ABBA, “Little Things.” Voyager, the first album in 40 years by the Swedish quartet, includes this sweet, folkie reflection on the joys of the holiday.
Phoebe Bridgers, “Day After Tomorrow.” Sad-song specialist Phoebe Bridgers releases a charity Christmas song every year. “Day After Tomorrow” is an exquisitely-turned 2004 Tom Waits song that gives voice to a soldier coming home.
Cosmic Guilt, “Urge for Going.” I’m cheating because this Joni Mitchell cover from one of the breakout Philly bands of 2021 actually came out in 2020 on the Philly Holiday Album compilation on Bandcamp, which isn’t available on Spotify. A number of PHA artists will celebrate its release a year late at MilkBoy Philly on Wednesday.
Rosi Golan, “Eight Nights.” “All my friends hang mistletoe on Christmas Eve,” Israeli singer-songwriter sings on her lovely Hanukkah song. “But I’ve got eight nights in December.”
Mickey Guyton, “O Holy Night.” The singer who is up for three Grammys for her album Remember Her Name take on the 19th-century French carol without stinting on bombast.
Pistol Annies, “Hell of a Holiday.” The spirited title song to one of the strongest holiday releases of the year from the country trio of Miranda Lambert, Ashley Monroe, and Angaleena Presley.
Paul Kelly, “Christmas.” The Australian songwriter’s Paul Kelly’s Christmas Train is an impressive holiday album with a range of moods. “Tapu Te Po,” a version of “O Holy Night” is particularly beautiful. This song, on the other hand, rocks.
Spoon, “Christmas Time (Is Here Again).” The Austin, Texas, indie band Spoon turn in a gritty take on the Beatles’ 1967 blues holiday release.
L.A. Exes, “Favorite Time of Year.” A winning bop from the self-described “refreshingly clever Queer quartet” of Jenny Owen Youngs, Sam Barbera, Steph Barker and Rachel White.
Black Pumas, “Christmas Will Really Be Christmas.” Speaking of Austin, psychedelic-soul duo Black Pumas dig into this Lou Rawls groove, from his 1967 Merry Christmas Ho! Ho! Ho!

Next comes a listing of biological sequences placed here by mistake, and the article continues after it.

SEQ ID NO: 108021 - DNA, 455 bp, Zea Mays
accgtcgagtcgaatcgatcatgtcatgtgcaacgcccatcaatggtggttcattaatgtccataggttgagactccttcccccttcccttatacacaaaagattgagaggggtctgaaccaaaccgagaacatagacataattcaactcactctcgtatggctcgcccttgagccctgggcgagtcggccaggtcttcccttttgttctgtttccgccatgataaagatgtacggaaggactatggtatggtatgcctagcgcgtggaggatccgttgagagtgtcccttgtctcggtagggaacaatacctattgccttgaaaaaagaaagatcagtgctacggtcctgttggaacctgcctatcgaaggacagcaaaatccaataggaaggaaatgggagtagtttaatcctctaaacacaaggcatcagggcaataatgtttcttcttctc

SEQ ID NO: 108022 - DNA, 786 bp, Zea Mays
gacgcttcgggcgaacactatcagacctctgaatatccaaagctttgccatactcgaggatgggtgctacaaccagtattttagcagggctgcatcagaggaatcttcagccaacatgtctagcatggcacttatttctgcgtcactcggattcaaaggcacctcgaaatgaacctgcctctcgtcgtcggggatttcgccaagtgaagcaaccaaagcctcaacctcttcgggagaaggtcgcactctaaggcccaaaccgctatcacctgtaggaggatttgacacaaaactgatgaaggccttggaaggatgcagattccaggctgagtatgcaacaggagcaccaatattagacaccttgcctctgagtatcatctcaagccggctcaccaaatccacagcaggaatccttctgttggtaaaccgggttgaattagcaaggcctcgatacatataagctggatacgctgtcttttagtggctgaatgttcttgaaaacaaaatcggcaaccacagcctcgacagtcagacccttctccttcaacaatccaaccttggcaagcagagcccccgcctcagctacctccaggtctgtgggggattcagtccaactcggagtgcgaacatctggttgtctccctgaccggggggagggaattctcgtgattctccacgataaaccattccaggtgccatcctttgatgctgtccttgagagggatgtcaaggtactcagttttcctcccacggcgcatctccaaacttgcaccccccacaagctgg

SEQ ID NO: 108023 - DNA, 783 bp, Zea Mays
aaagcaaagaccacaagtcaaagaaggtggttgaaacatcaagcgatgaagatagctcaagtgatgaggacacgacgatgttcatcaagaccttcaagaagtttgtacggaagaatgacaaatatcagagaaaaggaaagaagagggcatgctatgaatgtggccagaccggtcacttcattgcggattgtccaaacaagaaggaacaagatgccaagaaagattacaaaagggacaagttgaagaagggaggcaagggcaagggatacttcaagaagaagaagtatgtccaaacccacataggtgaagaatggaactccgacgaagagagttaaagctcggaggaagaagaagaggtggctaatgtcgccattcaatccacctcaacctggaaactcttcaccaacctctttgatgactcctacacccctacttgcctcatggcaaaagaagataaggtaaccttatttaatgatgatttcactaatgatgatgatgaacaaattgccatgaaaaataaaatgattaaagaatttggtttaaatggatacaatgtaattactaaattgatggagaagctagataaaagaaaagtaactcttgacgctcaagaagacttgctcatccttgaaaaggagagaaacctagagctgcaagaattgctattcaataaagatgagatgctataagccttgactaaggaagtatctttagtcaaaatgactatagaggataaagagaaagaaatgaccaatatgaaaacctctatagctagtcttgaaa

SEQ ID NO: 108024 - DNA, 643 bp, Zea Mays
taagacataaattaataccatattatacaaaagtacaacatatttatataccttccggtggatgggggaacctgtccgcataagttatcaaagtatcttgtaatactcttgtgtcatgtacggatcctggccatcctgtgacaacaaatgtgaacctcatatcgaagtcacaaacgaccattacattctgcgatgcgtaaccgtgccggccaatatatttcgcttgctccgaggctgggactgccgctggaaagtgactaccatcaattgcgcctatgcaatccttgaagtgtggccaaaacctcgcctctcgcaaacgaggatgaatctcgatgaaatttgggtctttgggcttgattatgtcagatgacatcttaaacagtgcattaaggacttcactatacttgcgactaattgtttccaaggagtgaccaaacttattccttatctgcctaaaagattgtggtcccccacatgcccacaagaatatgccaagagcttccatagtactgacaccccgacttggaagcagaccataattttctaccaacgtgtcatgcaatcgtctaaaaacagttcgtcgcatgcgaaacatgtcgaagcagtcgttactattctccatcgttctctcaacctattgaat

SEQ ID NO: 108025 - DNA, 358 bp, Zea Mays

Beach Bunny, “Christmas Caller.” Jangly indie Christmas pop from Chicago quartet fronted by Lil Trifilo.
Tall Poppy Syndrome, “Come Some Christmas Eve.” A power-pop holiday from an indie supergroup that includes Vince Melouney, a former member of the Bee Gees, and the great Blondie drummer Clem Burke.
Jawny, “Christmas Wrapping.” A cover of the Waitresses’ 1981 alt-Christmas classic by the artist formerly of Philadelphia who used to be known as Johnny Utah and is now based in Los Angeles.
Don McCloskey, “O Holy Night.” The Bristol, Pa.-raised singer — who now lives in Chester County — reimagines the carol as a bold soul-R&B rave up with an eight-piece band with horns and a backup chorale.
Jimmy Fallon feat. Ariana Grande & Megan Thee Stallion, “It Was a … (Masked Christmas).” Silly song with an important message. “It was a masked Christmas,” the unlikely trio sing and rap, promoting COVID-19 booster shots.
Brian Fallon, “Nearer, My God, to Thee.” Moving rendition of 19th-century hymn by British poet Sarah Flower Adams on New Jersey’s former Gaslight Anthem leader’s heartfelt Night Divine solo album. No relation to Jimmy.
Allison Russell, “Have Yourself a Merry Little Christmas.” Gorgeous version of the melancholy standard recorded by Judy Garland in the 1944 film Meet Me in St. Louis sung in French and English by roots music singer Russell, who topped my Inquirer Top 10 albums of 2021 list.
Hiss Golden Messenger, “Hanukkah Dance.” A playful Woody Guthrie cover on O Come All Ye Faithful, songwriter M.C. Taylor’s tender new holiday album.
Tenille Townes, “Pretty Paper.” Sweet, sad-eyed take on Willie Nelson’s 1963 song by rising Canadian country singer.
Joe Robinson, “Santa Claus Is Coming to Town.” Fabulous fingerpicking guitar from the virtuoso Australian’s album Christmas au Chalet.
Norah Jones, “What Are You Doing New Year’s Eve?” Let’s bring it full circle, shall we? “Will I be with you or will I be among the missing?” Jones’ languorous take on Frank Loesser’s 1947 song is hopeful but poignant at the end of another pandemic calendar year.